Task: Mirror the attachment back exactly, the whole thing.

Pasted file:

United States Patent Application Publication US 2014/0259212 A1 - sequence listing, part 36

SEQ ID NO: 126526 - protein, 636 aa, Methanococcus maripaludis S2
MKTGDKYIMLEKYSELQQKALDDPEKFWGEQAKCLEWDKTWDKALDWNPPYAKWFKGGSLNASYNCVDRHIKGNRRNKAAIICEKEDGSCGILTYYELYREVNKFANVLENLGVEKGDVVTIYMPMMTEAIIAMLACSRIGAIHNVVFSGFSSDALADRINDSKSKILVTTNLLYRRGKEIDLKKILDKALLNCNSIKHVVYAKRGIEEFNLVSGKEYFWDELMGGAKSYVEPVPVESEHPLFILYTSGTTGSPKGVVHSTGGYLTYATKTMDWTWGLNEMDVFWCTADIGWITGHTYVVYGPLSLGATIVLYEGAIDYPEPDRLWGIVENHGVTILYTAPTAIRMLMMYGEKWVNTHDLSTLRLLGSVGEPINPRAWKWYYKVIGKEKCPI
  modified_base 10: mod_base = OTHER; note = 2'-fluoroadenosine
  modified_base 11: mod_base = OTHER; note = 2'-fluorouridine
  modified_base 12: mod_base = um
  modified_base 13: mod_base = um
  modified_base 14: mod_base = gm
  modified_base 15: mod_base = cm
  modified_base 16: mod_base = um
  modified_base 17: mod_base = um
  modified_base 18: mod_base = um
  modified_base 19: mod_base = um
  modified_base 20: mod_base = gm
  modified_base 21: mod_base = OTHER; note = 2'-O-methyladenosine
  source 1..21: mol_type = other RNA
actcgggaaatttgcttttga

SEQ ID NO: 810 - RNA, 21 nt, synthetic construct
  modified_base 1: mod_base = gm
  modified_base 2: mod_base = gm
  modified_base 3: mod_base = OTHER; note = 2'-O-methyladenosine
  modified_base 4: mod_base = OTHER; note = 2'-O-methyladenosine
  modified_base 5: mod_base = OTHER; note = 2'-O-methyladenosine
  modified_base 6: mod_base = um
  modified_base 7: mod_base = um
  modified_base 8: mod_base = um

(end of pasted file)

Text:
United States Patent Application Publication US 2014/0259212 A1 - sequence listing, part 36

SEQ ID NO: 126526 - protein, 636 aa, Methanococcus maripaludis S2
MKTGDKYIMLEKYSELQQKALDDPEKFWGEQAKCLEWDKTWDKALDWNPPYAKWFKGGSLNASYNCVDRHIKGNRRNKAAIICEKEDGSCGILTYYELYREVNKFANVLENLGVEKGDVVTIYMPMMTEAIIAMLACSRIGAIHNVVFSGFSSDALADRINDSKSKILVTTNLLYRRGKEIDLKKILDKALLNCNSIKHVVYAKRGIEEFNLVSGKEYFWDELMGGAKSYVEPVPVESEHPLFILYTSGTTGSPKGVVHSTGGYLTYATKTMDWTWGLNEMDVFWCTADIGWITGHTYVVYGPLSLGATIVLYEGAIDYPEPDRLWGIVENHGVTILYTAPTAIRMLMMYGEKWVNTHDLSTLRLLGSVGEPINPRAWKWYYKVIGKEKCPI
  modified_base 10: mod_base = OTHER; note = 2'-fluoroadenosine
  modified_base 11: mod_base = OTHER; note = 2'-fluorouridine
  modified_base 12: mod_base = um
  modified_base 13: mod_base = um
  modified_base 14: mod_base = gm
  modified_base 15: mod_base = cm
  modified_base 16: mod_base = um
  modified_base 17: mod_base = um
  modified_base 18: mod_base = um
  modified_base 19: mod_base = um
  modified_base 20: mod_base = gm
  modified_base 21: mod_base = OTHER; note = 2'-O-methyladenosine
  source 1..21: mol_type = other RNA
actcgggaaatttgcttttga

SEQ ID NO: 810 - RNA, 21 nt, synthetic construct
  modified_base 1: mod_base = gm
  modified_base 2: mod_base = gm
  modified_base 3: mod_base = OTHER; note = 2'-O-methyladenosine
  modified_base 4: mod_base = OTHER; note = 2'-O-methyladenosine
  modified_base 5: mod_base = OTHER; note = 2'-O-methyladenosine
  modified_base 6: mod_base = um
  modified_base 7: mod_base = um
  modified_base 8: mod_base = um